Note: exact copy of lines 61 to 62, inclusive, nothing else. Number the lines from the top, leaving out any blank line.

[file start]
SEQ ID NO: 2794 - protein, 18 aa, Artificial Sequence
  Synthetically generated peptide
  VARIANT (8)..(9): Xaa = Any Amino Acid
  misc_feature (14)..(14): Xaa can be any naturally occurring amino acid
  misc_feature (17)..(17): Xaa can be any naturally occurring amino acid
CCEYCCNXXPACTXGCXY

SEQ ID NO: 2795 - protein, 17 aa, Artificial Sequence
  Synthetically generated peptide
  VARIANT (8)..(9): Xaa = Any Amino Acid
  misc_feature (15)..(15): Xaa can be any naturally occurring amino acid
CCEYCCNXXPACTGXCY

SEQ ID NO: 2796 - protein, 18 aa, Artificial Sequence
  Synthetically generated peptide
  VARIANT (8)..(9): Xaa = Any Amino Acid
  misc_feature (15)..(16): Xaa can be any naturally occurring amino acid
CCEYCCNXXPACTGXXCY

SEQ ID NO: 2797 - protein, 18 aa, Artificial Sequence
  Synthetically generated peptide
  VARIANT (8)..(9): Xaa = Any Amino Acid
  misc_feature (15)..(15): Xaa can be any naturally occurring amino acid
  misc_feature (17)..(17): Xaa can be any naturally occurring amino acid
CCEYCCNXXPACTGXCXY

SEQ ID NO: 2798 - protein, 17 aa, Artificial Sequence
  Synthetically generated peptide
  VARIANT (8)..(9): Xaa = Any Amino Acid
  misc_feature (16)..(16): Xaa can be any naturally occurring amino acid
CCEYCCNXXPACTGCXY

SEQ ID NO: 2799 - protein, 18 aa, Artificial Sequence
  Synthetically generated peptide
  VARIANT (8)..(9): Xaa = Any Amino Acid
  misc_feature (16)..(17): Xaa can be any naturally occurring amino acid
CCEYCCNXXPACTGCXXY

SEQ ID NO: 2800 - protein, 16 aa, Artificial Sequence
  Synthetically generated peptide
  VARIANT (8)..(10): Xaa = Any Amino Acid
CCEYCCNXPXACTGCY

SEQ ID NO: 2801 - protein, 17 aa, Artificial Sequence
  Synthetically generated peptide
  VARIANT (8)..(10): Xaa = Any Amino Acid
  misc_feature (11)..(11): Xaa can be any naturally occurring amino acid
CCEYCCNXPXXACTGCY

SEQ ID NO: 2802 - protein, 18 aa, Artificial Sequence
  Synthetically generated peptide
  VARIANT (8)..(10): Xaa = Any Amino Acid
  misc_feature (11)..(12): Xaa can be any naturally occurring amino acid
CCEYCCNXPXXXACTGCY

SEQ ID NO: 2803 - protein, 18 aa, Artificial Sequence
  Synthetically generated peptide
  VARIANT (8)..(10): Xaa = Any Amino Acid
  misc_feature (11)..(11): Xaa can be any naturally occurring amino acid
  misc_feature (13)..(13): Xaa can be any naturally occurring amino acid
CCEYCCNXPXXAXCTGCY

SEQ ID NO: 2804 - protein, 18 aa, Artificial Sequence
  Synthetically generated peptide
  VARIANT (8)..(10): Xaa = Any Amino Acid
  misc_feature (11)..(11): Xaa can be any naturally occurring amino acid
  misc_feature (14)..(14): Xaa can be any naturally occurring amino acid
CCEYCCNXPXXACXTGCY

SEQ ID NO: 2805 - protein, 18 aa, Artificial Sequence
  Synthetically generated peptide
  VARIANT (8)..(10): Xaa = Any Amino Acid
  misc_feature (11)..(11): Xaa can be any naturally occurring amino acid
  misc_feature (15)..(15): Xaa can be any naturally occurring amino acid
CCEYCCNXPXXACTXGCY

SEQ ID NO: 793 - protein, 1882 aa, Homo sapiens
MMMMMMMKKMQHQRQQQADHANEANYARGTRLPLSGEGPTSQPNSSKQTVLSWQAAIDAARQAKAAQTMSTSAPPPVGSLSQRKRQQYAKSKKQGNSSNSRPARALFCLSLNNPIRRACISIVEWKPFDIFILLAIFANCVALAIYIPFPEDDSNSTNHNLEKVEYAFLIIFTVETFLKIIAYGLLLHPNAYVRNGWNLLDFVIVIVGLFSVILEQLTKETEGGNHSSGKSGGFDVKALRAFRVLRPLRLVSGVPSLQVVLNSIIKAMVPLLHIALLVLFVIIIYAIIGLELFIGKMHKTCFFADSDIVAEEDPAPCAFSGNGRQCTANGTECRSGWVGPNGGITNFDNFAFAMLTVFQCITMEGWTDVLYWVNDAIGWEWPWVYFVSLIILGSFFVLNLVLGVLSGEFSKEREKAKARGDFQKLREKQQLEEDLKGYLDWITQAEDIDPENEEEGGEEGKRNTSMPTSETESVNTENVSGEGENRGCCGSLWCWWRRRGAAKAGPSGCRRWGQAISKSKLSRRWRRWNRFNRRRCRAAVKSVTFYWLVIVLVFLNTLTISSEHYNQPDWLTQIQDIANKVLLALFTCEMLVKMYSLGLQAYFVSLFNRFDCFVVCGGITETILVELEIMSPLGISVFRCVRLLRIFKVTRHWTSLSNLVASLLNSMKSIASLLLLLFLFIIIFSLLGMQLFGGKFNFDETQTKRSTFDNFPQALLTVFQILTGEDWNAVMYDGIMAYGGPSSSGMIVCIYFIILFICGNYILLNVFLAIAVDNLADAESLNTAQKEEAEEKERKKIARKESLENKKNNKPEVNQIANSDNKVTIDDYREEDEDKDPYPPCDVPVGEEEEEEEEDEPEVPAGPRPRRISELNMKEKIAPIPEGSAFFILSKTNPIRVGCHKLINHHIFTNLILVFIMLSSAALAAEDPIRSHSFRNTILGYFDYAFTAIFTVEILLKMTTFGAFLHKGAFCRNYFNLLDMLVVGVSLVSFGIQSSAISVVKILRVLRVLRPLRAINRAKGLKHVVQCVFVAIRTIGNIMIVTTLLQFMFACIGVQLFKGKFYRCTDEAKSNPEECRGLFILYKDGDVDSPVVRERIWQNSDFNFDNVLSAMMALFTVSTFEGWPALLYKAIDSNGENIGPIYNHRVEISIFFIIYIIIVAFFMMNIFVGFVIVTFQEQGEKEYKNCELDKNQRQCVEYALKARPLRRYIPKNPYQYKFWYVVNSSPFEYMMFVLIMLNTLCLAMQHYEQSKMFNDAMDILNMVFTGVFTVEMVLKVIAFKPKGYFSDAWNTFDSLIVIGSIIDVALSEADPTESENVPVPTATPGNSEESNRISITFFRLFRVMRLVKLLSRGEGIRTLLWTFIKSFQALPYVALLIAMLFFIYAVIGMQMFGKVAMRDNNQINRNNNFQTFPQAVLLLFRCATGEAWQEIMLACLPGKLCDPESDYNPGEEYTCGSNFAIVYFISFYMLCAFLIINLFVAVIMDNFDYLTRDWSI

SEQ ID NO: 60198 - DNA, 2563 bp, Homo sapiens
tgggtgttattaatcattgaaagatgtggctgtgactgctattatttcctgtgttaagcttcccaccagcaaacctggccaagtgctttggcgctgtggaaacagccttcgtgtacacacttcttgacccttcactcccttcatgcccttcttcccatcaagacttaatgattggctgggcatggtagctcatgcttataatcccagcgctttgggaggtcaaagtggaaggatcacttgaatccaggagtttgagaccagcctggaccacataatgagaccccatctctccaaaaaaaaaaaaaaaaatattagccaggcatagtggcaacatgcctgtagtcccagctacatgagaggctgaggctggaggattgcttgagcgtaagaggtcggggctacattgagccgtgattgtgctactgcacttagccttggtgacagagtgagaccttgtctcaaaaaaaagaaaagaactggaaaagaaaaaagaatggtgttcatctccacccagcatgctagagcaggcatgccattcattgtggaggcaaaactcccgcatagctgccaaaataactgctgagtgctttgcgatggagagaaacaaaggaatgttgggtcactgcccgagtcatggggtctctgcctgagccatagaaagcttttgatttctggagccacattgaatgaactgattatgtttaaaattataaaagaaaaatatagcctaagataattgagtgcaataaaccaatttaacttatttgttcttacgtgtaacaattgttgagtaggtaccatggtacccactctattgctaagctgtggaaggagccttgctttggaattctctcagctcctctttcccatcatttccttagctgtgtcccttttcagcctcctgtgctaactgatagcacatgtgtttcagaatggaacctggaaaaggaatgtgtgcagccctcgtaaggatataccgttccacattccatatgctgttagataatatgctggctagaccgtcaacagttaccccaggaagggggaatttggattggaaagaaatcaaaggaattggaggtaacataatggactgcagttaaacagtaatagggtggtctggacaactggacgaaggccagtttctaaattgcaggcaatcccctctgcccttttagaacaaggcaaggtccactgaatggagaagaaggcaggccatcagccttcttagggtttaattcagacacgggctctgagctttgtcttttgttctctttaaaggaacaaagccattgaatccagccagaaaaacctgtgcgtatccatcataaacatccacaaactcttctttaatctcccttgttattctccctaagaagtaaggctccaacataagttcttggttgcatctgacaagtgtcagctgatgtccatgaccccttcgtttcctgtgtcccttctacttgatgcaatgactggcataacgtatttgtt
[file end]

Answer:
  VARIANT (8)..(10): Xaa = Any Amino Acid
  misc_feature (11)..(11): Xaa can be any naturally occurring amino acid